Skip to main content

You can thank Brene Brown for saving you from a “more-than-you-really-wanted-to-read” treatise on the tragic flaw in classical Greek tragedy. It was going to be really good, {I promise!}, but who has the time {or inclination} to read something so… {possibly/probably} uninteresting to everybody except me?

It’s true that I was getting a little bogged down in my Google search of different perspectives on the essential elements and cathartic purposes of the literary form of poetry known as Tragedy…but it was going somewhere significant, and I really wanted to take you there with me.

I was going to tie it in with deep insights and fascinating parallels of universal themes you’re used to reading about here on the ACTS Journal. I was going to tie it in with what I’ve learned about my own flaws, and the tragedy of thinking I had to keep them hidden. {Still makes me sad to think about it…} Now I know that flaws are only tragic when we refuse to admit them to ourselves and share them with others. Every story worth sharing contains some truth about flaws that is both cathartic and redemptive… for the one who tells it, as much as for the one who hears it.

The real tragedy happens when shame triggers reactions to our personal flaws that lead to self-hatred and isolation. Another tragic reality is the self-sabotaging focus on our flaws… as if we shouldn’t have any in the first place… that leads us to impose one impossible self-improvement program after another on ourselves…as if we could actually perfect the flaws of being human through self-effort.

I was going to tie in some quotes about embracing who we are, flaws and all, from Brene Brown’s wonderful book, The Gifts of Imperfection. And that’s when she came to your rescue… and mine! {You can thank her personally next time you see her, or leave a comment, and I’ll be happy to pass along your expressions of gratitude for her summary here that is infinitely better than my “more-than-I-planned-to-say-about-what-I-was-going-to-say” blog post.}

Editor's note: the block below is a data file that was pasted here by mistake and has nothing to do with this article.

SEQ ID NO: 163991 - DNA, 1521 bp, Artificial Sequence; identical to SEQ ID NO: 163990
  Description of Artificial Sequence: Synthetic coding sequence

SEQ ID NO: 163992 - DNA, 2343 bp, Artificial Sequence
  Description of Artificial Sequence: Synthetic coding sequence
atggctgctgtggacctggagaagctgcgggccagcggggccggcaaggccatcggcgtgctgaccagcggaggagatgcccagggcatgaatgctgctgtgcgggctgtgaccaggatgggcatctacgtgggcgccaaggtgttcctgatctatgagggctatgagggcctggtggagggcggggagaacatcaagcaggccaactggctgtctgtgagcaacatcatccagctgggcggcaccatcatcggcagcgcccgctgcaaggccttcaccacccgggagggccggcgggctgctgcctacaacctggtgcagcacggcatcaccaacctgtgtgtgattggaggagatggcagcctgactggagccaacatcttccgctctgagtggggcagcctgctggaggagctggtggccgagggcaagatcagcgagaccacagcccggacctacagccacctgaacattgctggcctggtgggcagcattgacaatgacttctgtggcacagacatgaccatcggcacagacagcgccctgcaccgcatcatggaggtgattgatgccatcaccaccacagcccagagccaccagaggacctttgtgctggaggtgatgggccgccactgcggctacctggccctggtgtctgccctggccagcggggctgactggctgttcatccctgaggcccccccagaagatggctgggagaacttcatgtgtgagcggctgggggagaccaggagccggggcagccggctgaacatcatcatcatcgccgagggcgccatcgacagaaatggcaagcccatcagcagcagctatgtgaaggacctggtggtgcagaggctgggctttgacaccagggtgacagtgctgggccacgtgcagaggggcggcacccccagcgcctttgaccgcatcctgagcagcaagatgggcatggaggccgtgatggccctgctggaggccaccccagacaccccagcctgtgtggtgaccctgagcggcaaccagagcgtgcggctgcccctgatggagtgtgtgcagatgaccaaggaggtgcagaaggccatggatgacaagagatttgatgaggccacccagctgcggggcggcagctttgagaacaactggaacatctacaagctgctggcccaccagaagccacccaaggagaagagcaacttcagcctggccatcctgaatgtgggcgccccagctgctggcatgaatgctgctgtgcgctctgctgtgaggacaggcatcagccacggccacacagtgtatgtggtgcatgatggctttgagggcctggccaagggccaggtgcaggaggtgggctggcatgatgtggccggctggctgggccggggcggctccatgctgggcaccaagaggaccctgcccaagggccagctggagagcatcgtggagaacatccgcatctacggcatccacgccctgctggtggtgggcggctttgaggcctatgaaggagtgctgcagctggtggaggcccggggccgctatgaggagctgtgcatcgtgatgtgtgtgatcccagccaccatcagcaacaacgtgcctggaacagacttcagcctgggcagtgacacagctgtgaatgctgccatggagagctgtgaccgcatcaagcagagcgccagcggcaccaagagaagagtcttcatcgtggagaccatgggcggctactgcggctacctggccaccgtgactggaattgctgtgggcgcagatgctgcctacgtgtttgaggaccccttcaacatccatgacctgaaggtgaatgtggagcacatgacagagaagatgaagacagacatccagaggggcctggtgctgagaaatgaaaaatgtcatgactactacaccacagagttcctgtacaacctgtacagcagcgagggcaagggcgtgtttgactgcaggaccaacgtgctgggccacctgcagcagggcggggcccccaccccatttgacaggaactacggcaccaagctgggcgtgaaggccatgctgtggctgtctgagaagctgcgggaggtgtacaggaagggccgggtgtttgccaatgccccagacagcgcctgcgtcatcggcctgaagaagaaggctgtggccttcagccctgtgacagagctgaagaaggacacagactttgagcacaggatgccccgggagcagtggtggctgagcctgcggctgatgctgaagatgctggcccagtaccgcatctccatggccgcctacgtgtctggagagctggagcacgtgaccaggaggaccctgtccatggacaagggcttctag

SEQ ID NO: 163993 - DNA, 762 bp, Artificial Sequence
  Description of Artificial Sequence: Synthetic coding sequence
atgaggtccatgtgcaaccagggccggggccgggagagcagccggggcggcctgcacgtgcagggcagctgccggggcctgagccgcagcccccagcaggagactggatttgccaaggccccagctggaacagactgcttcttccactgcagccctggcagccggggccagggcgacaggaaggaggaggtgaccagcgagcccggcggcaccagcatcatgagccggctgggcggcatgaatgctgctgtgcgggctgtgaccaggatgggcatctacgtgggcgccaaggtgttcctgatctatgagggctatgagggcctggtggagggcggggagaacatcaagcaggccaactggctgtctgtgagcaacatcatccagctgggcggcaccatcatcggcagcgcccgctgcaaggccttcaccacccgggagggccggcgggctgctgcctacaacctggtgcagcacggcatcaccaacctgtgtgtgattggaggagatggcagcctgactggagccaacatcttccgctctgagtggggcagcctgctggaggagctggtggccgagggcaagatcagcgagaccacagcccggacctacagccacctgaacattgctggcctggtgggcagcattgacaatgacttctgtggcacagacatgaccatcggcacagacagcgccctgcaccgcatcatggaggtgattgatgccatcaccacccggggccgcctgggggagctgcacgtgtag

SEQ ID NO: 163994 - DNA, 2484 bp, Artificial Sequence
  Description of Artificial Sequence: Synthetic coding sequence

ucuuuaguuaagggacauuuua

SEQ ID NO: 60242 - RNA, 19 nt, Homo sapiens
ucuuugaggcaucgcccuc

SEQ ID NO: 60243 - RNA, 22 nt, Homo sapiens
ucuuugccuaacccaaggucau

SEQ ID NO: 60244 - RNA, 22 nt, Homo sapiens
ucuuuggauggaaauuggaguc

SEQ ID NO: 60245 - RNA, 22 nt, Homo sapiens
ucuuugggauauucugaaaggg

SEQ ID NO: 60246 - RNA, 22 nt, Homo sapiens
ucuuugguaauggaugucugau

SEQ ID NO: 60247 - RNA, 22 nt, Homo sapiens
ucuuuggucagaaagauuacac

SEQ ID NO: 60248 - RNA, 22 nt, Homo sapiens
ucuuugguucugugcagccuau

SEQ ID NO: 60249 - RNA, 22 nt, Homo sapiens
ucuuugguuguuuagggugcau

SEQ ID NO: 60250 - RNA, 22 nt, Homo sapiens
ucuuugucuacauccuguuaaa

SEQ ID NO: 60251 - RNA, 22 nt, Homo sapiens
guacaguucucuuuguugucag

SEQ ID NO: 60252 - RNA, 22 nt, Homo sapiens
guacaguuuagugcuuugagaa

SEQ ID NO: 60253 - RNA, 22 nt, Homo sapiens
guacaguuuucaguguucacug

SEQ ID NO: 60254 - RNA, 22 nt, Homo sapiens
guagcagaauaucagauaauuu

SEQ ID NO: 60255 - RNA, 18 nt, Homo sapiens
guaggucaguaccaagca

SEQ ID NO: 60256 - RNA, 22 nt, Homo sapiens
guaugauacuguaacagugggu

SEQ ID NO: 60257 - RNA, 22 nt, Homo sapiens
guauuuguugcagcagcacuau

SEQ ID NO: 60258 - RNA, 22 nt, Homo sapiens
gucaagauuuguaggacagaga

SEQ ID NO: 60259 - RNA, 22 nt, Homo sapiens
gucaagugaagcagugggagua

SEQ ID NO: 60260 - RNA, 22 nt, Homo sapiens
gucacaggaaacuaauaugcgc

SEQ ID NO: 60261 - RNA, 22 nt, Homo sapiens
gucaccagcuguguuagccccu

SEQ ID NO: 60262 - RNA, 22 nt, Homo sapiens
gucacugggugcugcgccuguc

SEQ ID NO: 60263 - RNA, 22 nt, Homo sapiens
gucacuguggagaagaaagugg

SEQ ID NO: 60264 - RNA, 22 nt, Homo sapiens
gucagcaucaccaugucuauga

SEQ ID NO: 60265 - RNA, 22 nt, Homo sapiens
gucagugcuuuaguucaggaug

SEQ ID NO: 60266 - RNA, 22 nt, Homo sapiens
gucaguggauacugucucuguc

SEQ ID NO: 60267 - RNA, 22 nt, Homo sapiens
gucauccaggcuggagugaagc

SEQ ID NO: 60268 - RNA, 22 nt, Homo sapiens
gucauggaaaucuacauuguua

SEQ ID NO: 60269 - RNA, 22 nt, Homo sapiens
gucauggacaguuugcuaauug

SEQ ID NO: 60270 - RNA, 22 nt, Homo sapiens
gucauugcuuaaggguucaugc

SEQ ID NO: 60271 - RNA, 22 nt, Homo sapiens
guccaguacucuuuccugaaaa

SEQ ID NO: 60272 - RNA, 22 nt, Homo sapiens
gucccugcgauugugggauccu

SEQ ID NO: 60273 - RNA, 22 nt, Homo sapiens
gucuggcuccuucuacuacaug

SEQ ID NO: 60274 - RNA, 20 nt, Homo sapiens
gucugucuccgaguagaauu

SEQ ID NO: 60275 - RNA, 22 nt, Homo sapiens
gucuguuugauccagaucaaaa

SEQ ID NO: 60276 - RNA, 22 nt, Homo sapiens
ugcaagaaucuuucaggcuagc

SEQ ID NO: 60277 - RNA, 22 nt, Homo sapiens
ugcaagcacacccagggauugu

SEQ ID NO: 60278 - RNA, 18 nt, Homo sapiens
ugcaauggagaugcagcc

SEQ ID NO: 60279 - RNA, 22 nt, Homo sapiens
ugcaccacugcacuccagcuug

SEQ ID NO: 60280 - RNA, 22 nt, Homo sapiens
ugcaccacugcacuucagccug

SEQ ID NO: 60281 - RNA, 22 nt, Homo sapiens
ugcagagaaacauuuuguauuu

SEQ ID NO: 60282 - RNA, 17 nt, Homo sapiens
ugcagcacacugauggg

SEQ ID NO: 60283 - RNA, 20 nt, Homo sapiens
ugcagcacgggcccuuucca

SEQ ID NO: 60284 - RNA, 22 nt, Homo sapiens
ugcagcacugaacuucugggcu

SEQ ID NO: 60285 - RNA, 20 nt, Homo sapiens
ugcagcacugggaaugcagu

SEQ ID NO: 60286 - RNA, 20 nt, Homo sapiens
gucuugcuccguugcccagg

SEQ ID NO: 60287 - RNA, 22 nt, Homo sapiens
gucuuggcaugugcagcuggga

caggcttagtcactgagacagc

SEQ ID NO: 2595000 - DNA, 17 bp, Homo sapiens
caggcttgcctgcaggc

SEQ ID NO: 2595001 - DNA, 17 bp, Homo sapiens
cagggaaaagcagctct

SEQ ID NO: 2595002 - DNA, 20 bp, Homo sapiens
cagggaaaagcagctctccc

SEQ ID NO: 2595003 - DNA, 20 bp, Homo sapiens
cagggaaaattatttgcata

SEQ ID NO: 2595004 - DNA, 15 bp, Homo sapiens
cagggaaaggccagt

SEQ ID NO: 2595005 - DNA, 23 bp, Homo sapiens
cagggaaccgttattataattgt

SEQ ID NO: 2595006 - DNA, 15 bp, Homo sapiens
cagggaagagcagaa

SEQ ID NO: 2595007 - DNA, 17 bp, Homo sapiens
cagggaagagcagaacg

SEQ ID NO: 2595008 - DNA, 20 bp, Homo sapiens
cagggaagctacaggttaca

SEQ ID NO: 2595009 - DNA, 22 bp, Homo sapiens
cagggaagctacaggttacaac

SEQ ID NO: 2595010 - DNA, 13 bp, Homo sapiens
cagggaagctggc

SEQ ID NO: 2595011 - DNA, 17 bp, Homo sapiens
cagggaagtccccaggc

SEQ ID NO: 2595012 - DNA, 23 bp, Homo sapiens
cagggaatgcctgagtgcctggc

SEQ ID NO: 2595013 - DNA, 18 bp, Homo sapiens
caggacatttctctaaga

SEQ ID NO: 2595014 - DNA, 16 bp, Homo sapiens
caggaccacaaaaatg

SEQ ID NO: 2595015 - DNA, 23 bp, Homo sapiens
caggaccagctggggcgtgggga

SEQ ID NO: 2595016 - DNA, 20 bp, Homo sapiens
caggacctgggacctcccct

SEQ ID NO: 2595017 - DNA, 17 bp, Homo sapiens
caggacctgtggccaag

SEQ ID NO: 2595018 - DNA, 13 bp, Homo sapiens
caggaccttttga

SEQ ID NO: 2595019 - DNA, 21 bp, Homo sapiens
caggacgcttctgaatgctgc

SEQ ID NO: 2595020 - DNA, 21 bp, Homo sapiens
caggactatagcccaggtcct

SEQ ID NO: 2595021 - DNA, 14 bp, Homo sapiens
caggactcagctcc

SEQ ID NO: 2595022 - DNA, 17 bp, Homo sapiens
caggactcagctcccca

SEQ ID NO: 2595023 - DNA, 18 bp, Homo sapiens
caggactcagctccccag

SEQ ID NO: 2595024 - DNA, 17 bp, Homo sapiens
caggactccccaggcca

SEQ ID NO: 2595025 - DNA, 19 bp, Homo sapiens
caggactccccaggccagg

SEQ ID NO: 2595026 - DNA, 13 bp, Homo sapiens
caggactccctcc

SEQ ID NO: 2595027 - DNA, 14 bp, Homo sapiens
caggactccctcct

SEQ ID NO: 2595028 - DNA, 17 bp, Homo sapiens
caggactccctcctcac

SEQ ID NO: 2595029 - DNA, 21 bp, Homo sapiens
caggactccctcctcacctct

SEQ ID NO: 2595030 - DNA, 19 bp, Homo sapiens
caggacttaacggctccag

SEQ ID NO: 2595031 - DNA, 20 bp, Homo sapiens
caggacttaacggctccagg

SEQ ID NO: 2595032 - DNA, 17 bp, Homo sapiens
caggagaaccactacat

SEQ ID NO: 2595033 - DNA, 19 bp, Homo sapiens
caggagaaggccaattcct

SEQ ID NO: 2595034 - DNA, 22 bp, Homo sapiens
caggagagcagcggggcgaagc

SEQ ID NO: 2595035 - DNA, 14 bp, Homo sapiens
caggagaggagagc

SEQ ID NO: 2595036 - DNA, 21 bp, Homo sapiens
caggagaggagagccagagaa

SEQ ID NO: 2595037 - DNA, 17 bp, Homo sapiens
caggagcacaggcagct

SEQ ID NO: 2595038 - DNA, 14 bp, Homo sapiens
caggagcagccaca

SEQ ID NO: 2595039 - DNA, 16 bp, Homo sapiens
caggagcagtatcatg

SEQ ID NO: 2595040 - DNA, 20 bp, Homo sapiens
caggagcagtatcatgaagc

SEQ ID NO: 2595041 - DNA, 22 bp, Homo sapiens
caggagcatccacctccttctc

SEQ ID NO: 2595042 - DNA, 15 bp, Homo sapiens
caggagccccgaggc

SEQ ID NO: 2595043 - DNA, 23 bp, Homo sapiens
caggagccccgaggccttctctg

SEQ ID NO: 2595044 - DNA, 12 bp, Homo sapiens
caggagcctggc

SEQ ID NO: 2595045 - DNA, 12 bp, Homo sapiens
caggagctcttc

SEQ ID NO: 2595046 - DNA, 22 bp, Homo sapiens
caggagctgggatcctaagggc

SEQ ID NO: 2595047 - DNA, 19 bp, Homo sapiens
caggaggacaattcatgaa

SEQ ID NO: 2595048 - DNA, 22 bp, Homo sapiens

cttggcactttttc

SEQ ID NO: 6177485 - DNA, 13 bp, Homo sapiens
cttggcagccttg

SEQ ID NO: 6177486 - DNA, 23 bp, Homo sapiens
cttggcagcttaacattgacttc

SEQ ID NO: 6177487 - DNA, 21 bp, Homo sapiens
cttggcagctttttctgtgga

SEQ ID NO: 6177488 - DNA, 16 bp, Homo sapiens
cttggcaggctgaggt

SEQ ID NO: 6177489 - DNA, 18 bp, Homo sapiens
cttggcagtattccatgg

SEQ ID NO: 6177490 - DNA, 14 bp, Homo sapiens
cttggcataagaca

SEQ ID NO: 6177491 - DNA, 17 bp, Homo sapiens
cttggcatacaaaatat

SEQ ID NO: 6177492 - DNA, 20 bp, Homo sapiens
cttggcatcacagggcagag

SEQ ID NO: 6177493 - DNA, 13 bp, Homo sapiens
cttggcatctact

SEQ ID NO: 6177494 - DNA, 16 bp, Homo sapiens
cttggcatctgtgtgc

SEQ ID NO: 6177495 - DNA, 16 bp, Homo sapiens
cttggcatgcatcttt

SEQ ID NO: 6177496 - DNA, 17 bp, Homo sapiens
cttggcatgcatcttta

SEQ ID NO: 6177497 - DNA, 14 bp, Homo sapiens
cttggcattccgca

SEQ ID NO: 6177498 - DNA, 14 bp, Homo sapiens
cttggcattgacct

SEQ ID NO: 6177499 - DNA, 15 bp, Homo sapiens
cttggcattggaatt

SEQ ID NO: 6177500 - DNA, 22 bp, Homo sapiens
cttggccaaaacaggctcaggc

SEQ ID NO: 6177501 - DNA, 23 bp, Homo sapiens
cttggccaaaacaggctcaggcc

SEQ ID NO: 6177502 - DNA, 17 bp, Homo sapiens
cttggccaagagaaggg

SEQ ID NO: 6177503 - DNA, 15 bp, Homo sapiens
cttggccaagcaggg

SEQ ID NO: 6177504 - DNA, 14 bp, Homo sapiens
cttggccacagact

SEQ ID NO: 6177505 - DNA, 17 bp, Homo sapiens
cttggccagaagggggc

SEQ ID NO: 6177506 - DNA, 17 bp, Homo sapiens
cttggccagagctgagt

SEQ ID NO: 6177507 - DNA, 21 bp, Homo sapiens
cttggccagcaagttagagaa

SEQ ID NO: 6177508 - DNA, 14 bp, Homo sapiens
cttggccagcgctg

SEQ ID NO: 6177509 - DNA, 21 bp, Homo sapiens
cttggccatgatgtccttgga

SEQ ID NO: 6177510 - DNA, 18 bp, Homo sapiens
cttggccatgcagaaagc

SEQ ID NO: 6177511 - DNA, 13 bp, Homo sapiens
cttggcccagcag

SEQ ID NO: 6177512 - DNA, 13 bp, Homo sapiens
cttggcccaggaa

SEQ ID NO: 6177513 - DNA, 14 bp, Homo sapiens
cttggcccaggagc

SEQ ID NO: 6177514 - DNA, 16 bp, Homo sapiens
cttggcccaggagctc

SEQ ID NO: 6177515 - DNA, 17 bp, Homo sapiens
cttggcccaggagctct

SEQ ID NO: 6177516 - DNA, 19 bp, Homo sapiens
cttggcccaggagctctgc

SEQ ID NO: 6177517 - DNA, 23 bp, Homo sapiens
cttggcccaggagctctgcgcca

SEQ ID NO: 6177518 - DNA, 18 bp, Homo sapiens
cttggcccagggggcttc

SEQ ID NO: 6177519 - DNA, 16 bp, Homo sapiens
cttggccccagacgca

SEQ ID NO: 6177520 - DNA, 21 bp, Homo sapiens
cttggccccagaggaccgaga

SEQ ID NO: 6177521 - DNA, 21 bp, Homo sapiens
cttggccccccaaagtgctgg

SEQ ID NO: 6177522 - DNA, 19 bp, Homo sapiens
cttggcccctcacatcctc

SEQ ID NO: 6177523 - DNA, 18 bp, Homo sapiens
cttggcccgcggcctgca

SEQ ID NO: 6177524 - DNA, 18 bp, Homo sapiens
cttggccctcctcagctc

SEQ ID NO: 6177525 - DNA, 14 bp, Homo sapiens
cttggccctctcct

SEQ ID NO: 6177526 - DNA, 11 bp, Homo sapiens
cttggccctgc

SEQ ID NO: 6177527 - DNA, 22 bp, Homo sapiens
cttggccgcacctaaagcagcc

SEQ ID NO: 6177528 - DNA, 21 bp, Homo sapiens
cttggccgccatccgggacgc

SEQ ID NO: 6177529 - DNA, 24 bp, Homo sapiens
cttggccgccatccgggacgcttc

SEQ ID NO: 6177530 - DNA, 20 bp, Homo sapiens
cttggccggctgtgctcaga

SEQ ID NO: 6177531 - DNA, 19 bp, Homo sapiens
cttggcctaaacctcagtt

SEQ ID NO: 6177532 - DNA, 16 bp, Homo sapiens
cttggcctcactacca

First… three things we need to understand about shame:

  1. We all have it.
  2. We’re all afraid to talk about it.
  3. The less we talk about it, the more it controls our lives.

Next… three things that make shame grow out of control in our lives:

  1. Secrecy
  2. Silence
  3. Judgment

Finally… four things that are true of people with high levels of shame resilience:

  1. They understand shame and recognize what triggers it for them.
  2. They reality-check messages and expectations that define being imperfect as being inadequate.
  3. They reach out and share their stories with people they trust.
  4. They use the word shame, talk about how they’re feeling, and ask for what they need.

As more and more people share their cathartic and redemptive stories, we’re learning that there’s nothing shameful or tragic about our flaws once we accept imperfection as the beautiful gift it truly is.

What a relief! Tragedy averted…